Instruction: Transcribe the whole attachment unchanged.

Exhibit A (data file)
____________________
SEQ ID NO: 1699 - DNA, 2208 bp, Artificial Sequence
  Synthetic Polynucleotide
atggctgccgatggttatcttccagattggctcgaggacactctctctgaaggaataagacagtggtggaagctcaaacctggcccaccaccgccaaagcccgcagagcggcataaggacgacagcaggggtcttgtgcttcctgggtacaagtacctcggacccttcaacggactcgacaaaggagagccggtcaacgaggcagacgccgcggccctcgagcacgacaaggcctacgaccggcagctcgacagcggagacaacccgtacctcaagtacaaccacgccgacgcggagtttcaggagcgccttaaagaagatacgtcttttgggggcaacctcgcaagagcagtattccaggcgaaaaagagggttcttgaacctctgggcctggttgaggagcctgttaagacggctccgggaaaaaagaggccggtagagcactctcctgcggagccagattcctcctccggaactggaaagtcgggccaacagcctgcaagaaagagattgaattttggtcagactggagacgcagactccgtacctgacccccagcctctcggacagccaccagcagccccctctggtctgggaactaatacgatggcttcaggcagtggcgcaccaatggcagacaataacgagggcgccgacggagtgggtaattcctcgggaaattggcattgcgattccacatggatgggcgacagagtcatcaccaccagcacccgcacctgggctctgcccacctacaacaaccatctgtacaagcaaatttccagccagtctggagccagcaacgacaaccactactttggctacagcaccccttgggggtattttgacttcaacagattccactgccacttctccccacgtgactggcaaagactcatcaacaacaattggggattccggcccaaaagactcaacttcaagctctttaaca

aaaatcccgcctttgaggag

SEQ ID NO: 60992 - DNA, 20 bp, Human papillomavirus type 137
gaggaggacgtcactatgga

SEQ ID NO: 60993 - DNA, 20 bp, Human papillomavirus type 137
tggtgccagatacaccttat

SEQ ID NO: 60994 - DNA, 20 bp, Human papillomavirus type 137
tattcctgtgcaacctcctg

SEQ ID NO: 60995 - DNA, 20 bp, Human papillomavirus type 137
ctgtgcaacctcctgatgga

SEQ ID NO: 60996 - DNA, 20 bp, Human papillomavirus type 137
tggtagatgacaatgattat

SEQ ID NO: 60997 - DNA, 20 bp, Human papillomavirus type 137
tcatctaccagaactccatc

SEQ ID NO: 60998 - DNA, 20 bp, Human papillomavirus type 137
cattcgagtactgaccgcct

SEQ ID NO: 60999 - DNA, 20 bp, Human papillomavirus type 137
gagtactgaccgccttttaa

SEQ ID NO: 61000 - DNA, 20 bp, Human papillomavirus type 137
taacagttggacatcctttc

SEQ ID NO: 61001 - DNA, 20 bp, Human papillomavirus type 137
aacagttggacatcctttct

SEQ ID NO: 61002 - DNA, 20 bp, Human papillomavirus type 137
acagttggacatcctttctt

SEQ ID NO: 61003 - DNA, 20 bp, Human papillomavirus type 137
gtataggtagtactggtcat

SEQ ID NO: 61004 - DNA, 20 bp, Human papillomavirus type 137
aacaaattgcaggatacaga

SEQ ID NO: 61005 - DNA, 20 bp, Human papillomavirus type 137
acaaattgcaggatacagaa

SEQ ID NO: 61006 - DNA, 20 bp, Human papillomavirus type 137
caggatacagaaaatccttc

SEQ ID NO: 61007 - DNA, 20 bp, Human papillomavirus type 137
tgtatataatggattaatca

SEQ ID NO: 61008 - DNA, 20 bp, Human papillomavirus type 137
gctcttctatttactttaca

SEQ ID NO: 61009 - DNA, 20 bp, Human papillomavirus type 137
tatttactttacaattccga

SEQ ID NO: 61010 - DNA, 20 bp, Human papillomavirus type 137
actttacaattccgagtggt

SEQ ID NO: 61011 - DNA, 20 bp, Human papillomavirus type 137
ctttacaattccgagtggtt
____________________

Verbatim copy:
SEQ ID NO: 1699 - DNA, 2208 bp, Artificial Sequence
  Synthetic Polynucleotide
atggctgccgatggttatcttccagattggctcgaggacactctctctgaaggaataagacagtggtggaagctcaaacctggcccaccaccgccaaagcccgcagagcggcataaggacgacagcaggggtcttgtgcttcctgggtacaagtacctcggacccttcaacggactcgacaaaggagagccggtcaacgaggcagacgccgcggccctcgagcacgacaaggcctacgaccggcagctcgacagcggagacaacccgtacctcaagtacaaccacgccgacgcggagtttcaggagcgccttaaagaagatacgtcttttgggggcaacctcgcaagagcagtattccaggcgaaaaagagggttcttgaacctctgggcctggttgaggagcctgttaagacggctccgggaaaaaagaggccggtagagcactctcctgcggagccagattcctcctccggaactggaaagtcgggccaacagcctgcaagaaagagattgaattttggtcagactggagacgcagactccgtacctgacccccagcctctcggacagccaccagcagccccctctggtctgggaactaatacgatggcttcaggcagtggcgcaccaatggcagacaataacgagggcgccgacggagtgggtaattcctcgggaaattggcattgcgattccacatggatgggcgacagagtcatcaccaccagcacccgcacctgggctctgcccacctacaacaaccatctgtacaagcaaatttccagccagtctggagccagcaacgacaaccactactttggctacagcaccccttgggggtattttgacttcaacagattccactgccacttctccccacgtgactggcaaagactcatcaacaacaattggggattccggcccaaaagactcaacttcaagctctttaaca

aaaatcccgcctttgaggag

SEQ ID NO: 60992 - DNA, 20 bp, Human papillomavirus type 137
gaggaggacgtcactatgga

SEQ ID NO: 60993 - DNA, 20 bp, Human papillomavirus type 137
tggtgccagatacaccttat

SEQ ID NO: 60994 - DNA, 20 bp, Human papillomavirus type 137
tattcctgtgcaacctcctg

SEQ ID NO: 60995 - DNA, 20 bp, Human papillomavirus type 137
ctgtgcaacctcctgatgga

SEQ ID NO: 60996 - DNA, 20 bp, Human papillomavirus type 137
tggtagatgacaatgattat

SEQ ID NO: 60997 - DNA, 20 bp, Human papillomavirus type 137
tcatctaccagaactccatc

SEQ ID NO: 60998 - DNA, 20 bp, Human papillomavirus type 137
cattcgagtactgaccgcct

SEQ ID NO: 60999 - DNA, 20 bp, Human papillomavirus type 137
gagtactgaccgccttttaa

SEQ ID NO: 61000 - DNA, 20 bp, Human papillomavirus type 137
taacagttggacatcctttc

SEQ ID NO: 61001 - DNA, 20 bp, Human papillomavirus type 137
aacagttggacatcctttct

SEQ ID NO: 61002 - DNA, 20 bp, Human papillomavirus type 137
acagttggacatcctttctt

SEQ ID NO: 61003 - DNA, 20 bp, Human papillomavirus type 137
gtataggtagtactggtcat

SEQ ID NO: 61004 - DNA, 20 bp, Human papillomavirus type 137
aacaaattgcaggatacaga

SEQ ID NO: 61005 - DNA, 20 bp, Human papillomavirus type 137
acaaattgcaggatacagaa

SEQ ID NO: 61006 - DNA, 20 bp, Human papillomavirus type 137
caggatacagaaaatccttc

SEQ ID NO: 61007 - DNA, 20 bp, Human papillomavirus type 137
tgtatataatggattaatca

SEQ ID NO: 61008 - DNA, 20 bp, Human papillomavirus type 137
gctcttctatttactttaca

SEQ ID NO: 61009 - DNA, 20 bp, Human papillomavirus type 137
tatttactttacaattccga

SEQ ID NO: 61010 - DNA, 20 bp, Human papillomavirus type 137
actttacaattccgagtggt

SEQ ID NO: 61011 - DNA, 20 bp, Human papillomavirus type 137
ctttacaattccgagtggtt